Just five years ago, health wearables were largely limited to fitness trackers, and were niche devices, with shipments of only 30 million sold to sports enthusiasts around the world. Today, they’re everywhere: an estimate from Statista suggests that as many as 223 million were sold in 2019, and it’s expected that more than 300 million will be sold by 2023. What does this visible trend say about the development of the wearables for healthcare market, and the wearable market generally?
Health apps, and their associated wearable devices, are integrated technology that can be used to monitor individuals’ health indicators, and in some cases alert them to problems. Typically, the devices consist of Bluetooth-enabled physical monitors that are placed on or even in the body, and which are paired with an app on the user’s phone or other device. The app is used to monitor output, identify issues and set and focus the user on specific goals.
The most common health wearables are fitness trackers, which range from relatively straightforward devices like connected pedometers (the classic Fitbit or Jawbone device) to smartwatches that track steps, heart rate, exercise, and other fitness characteristics. Some of these wearables even have built-in GPS, allowing the user to plan and track routes for running, cycling or hiking in real-time. These devices are frequently used by people that are interested in fitness, either as athletes or simply people who want to improve their health and fitness. They are relatively cheap and readily available on consumer markets.
However, health apps and wearables are beginning to move well beyond the fitness tracker movement. Today’s smartwatches can use the heartrate and movement data they collect to monitor and alert the user to conditions like atrial fibrillation or track the progression of movement disorders like Parkinson’s disease.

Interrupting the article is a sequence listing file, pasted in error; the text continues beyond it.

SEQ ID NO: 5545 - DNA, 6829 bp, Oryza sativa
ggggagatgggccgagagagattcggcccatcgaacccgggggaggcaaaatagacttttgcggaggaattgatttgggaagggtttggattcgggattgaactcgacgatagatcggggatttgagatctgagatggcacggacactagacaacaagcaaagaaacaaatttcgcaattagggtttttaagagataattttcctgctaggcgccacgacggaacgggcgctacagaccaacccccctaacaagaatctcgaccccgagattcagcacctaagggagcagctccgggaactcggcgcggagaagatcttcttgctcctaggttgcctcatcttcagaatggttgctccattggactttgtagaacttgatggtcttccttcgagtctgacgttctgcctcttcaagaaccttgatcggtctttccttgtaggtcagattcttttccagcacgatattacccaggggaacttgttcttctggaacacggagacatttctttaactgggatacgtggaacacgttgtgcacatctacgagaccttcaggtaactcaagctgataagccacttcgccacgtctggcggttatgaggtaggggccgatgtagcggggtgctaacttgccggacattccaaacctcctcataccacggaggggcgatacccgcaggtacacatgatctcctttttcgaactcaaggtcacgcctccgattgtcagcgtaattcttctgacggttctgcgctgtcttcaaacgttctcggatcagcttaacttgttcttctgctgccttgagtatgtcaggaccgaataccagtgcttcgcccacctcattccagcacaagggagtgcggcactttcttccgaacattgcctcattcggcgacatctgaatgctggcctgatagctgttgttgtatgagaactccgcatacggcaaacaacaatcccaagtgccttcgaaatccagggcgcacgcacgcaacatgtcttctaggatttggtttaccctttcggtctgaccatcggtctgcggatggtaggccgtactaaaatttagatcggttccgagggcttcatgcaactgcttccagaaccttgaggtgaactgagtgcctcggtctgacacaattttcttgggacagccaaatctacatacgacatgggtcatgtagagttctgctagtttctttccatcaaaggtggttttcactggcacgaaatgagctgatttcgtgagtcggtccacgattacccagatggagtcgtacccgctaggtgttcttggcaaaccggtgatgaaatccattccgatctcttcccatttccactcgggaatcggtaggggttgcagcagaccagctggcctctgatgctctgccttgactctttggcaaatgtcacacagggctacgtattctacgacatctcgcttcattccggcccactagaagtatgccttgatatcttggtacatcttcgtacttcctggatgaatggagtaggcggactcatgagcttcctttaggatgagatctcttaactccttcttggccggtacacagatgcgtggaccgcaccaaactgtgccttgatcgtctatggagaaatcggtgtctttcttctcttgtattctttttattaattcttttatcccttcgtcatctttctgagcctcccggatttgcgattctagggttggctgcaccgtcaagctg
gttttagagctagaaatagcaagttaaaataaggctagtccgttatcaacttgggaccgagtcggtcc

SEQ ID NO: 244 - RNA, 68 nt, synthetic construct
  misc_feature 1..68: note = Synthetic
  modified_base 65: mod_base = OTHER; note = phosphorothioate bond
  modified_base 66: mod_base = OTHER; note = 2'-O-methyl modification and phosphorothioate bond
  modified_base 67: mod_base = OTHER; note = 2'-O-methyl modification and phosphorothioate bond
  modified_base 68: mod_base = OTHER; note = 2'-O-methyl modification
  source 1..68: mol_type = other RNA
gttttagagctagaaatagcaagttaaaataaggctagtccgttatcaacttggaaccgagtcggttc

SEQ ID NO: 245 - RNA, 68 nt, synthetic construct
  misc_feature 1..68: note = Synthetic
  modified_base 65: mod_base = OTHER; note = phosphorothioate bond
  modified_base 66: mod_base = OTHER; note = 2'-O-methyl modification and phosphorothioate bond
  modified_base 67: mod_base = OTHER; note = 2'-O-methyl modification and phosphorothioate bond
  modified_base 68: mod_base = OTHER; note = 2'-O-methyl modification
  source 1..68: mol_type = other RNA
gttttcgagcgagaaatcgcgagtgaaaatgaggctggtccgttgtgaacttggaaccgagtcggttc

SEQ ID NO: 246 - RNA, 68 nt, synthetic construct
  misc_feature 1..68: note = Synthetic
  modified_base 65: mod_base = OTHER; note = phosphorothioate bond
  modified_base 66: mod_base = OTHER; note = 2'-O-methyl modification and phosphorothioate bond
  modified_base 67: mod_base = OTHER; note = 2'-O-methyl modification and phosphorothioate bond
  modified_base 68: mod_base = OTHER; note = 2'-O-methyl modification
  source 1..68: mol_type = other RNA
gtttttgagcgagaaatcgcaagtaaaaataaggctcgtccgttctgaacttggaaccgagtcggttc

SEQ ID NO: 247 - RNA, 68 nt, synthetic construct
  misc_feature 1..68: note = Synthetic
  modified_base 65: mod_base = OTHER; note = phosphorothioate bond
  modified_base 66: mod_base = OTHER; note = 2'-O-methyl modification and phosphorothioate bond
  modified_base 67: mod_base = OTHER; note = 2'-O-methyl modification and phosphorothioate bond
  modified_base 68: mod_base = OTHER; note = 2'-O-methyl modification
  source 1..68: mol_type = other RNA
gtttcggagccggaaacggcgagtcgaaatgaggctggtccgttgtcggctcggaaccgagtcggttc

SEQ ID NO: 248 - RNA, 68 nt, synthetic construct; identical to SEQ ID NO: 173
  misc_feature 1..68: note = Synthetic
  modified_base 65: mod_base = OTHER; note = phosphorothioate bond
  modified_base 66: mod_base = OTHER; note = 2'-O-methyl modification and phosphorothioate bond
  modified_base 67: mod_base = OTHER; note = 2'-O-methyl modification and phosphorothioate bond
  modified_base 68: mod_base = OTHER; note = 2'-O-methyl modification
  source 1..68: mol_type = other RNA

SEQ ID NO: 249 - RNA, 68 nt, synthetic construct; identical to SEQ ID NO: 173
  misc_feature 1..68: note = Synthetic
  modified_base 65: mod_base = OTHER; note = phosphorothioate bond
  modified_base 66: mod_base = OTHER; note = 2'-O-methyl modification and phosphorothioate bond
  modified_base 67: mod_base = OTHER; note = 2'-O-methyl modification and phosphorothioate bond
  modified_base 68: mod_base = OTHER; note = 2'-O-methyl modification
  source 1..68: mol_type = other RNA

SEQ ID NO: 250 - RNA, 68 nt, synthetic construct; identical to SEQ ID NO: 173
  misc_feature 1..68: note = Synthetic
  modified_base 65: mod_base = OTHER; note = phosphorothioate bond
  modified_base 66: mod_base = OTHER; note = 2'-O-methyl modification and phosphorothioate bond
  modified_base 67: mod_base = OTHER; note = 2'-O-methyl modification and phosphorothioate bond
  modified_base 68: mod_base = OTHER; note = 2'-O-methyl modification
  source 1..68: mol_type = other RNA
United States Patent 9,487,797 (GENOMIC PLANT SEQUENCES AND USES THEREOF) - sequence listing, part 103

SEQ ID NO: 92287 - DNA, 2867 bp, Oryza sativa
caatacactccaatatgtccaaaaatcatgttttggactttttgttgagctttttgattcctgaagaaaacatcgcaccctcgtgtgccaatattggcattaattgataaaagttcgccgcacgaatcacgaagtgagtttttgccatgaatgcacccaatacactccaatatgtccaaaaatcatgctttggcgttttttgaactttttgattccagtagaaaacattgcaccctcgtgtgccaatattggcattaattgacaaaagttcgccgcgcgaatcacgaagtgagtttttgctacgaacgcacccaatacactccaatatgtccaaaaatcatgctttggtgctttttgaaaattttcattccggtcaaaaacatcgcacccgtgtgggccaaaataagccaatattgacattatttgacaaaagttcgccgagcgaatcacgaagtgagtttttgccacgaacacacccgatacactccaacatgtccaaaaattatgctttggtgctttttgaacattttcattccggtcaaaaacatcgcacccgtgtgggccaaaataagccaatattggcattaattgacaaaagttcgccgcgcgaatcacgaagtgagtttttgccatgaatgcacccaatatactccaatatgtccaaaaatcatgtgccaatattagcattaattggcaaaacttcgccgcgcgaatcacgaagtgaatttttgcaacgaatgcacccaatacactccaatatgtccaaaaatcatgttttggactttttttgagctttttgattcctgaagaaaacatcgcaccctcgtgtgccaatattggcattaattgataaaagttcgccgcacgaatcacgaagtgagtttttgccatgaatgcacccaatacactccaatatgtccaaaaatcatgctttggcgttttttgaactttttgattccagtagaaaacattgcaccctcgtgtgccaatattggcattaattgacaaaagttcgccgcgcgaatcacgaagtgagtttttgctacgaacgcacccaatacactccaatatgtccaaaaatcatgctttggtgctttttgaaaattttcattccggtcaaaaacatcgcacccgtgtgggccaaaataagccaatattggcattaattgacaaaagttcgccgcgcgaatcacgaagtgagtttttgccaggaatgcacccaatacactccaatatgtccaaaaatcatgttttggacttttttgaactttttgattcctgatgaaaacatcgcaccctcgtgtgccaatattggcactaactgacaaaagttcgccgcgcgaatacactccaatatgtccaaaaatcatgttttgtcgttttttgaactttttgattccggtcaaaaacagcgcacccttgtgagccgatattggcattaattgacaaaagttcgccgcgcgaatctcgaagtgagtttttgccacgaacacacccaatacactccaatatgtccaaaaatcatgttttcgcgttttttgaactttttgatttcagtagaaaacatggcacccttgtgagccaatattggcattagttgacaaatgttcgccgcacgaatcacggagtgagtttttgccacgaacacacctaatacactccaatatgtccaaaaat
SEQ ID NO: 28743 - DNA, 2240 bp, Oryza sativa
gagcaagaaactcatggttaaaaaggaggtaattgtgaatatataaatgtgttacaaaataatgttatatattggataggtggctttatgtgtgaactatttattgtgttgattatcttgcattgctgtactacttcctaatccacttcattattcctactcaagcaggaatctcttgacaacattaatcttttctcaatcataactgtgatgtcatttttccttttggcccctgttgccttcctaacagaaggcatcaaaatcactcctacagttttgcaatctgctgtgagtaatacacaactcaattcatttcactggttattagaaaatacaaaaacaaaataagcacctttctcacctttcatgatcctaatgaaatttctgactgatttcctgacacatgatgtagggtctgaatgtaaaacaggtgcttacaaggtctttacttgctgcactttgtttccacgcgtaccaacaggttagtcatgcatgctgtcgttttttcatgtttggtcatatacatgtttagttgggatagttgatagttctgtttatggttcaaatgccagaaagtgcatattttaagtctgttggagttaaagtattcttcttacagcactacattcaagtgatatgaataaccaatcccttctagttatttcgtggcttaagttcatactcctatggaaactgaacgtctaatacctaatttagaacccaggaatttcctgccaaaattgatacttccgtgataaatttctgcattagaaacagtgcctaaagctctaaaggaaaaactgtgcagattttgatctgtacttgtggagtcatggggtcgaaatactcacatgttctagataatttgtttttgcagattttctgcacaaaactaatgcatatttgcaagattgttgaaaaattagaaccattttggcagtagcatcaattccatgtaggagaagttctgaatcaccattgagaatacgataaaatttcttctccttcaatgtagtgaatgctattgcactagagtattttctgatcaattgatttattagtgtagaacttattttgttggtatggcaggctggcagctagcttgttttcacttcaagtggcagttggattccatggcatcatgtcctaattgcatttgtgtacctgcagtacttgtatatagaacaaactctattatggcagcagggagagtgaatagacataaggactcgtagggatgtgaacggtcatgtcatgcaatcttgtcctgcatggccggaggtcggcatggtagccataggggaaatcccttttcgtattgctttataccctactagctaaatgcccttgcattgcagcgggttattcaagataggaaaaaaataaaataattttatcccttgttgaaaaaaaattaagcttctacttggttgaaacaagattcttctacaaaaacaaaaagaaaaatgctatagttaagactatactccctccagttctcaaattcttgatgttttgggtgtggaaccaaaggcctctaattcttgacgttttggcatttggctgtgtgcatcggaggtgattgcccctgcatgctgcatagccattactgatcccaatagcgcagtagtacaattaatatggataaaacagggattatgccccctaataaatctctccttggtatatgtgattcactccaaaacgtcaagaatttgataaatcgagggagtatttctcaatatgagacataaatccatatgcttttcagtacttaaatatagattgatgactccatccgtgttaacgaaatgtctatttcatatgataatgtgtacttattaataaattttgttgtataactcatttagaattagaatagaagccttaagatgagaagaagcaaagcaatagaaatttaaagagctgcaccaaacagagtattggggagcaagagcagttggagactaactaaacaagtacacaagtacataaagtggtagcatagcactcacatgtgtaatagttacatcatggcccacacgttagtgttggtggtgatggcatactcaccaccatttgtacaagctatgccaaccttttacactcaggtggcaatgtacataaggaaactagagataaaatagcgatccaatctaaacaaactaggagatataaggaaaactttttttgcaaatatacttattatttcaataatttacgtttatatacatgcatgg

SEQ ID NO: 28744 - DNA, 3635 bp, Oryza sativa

Advanced sensors and Internet of Things (IoT) connectivity have enabled the development of wearable ECG monitors like the Move ECG, which provide detailed and accurate heart rhythm, used by both athletes and heart patients. Wearable blood pressure monitors, like Omron Heart Guide, also came on the market recently. In the near future, biosensor-based devices, which can monitor everything from respiration to temperature – and undoubtedly more – will be coming onto the market for use in patient treatment and care. In short, the huge and growing fitness tracker user base is only the visible end of the wedge in the health apps and wearables market, which will be growing rapidly over the next few years.
Health apps and wearables don’t just draw on a single user’s health data. Instead, they use data mining and artificial intelligence to analyse the user’s data and interpret the trends. In the fitness tracker model, internal sensors like altimeters and gyroscopes track movement, while an LED-based light sensor monitors heartrate.
This basic data may be displayed on the device itself, but the important part is that the data is passed via Bluetooth to the user’s phone, where an associated app (or multiple apps) analyzes the data to track trends.
However, the story does not end there. Data from the app is passed to a central database, where it is combined and anonymized for deeper insights. More complex analysis, such as cardio health scores or female cycle prediction, is then done using the associated AI-based analysis of anonymized data from the app’s installed userbase. This analysis helps identify trends, make predictions and determine whether a user’s health indicators are within the normal range or if they may suggest a problem.
Right now, the aggregated health data is mainly used for minor predictions, trend tracking and training suggestions. In the near future, though, this analysis is likely to extend much further. There are already experiments ongoing that have turned the data from health apps and wearables to more serious causes.